Chicago Says Non! to Foie Gras
Score one for the animal welfare fundamentalists. I was disappointed that the ban had nothing to do with bird flu, although it could have been.

Chicago has banned the sale of foie gras in its restaurants because city officials think the French delicacy is cruel to ducks and geese.

— from Agence France-Presse, via Yahoo! News

Fundamentally, killing and eating animals is a form of cruelty. Snuffing out the life of a creature to consume it, especially when it's not a matter of life and death - what could be more wrong, from a moral standpoint? But we still do it. We encourage others to do it; for some of them it really is a matter of life or death.

Bans like that really won't make a difference. Once a duck's fate is sealed, whatever else done to it before or after it's killed is just procedure.

Wednesday, 19 April 2006


Some students from the University of California, Santa Cruz, calling themselves Students Against War (SAW), found themselves inundated with death threats after foolishly releasing their contact details via an online press release. They had apparently heckled some recruiters from the military at their varsity's job fair.

There are allegations that right-wing pundit Michelle Malkin was responsible for much of the death-threats by reproducing these contact details on her site for the viewing pleasure of her audience. To rub salt into the students' wounds, she reprinted their details in another post when they asked to have them removed. The students of SAW, she claimed, should pay for that mistake and their "seditious, thuggish behaviour".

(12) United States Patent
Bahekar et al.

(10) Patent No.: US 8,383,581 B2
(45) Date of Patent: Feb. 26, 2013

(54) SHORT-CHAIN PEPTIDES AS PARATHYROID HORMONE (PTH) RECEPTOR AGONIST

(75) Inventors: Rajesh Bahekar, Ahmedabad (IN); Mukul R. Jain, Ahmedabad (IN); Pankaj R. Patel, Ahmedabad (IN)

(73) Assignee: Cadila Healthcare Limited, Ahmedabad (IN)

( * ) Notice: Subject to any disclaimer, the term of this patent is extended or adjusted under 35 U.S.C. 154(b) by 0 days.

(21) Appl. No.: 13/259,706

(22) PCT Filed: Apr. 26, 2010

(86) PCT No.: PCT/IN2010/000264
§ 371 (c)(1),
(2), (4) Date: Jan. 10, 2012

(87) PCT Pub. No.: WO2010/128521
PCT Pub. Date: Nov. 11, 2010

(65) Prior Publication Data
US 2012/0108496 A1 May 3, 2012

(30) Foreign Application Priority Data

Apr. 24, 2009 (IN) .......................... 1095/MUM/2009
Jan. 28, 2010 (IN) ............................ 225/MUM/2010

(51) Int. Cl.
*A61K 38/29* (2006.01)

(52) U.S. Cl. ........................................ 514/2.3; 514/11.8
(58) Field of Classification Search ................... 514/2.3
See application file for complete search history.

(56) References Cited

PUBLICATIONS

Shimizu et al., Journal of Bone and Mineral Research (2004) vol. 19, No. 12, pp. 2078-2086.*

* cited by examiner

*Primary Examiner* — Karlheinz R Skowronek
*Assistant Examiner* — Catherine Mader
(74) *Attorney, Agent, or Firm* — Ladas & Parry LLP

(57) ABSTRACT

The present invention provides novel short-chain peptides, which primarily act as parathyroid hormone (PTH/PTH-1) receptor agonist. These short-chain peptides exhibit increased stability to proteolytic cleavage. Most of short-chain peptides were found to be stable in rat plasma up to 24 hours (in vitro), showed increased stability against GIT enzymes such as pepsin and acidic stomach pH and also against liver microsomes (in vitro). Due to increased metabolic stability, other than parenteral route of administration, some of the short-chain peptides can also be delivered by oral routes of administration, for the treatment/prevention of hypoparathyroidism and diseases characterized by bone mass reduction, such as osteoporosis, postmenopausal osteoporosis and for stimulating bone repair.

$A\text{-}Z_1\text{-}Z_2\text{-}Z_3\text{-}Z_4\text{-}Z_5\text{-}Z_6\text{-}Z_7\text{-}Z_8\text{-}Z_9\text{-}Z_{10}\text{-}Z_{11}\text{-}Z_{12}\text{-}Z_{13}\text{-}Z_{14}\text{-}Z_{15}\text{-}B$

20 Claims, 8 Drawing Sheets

The brickbats were soon flying between the US left and right regarding this issue, everybody scrambling for the moral or ethical high ground, regardless of who they trample on the way. It feels heart-warmingly like home.

As a pundit, Malkin is not obliged to be law-abiding, moral or ethical. But if a fire does break out, how much would she - along with all the other highbrowed armchair pundits and Neanderthals with a limited vocabulary who jumped too quickly into the burning bandwagon - get burned: lightly seared, medium or well-done?

Remember: It wasn't too long ago that a 12-year-old Japanese girl had her throat opened by a schoolmate with a box-cutter over a nasty online exchange.

"Ain't gonna happen", you say?

There are a lot of Americans in the US. The odds look pretty good to me.

Friday, 7 April 2006

Serai House, Part 2: Dessert and Digicam

I don't want anybody to think that this restaurant was awful, it's just that the best dishes are steeply priced. You see it in all mid-level restaurants: expensive decór, pretentious food presentation, and terribly helpful floor staff - clues that tell you you're not really paying for your meal.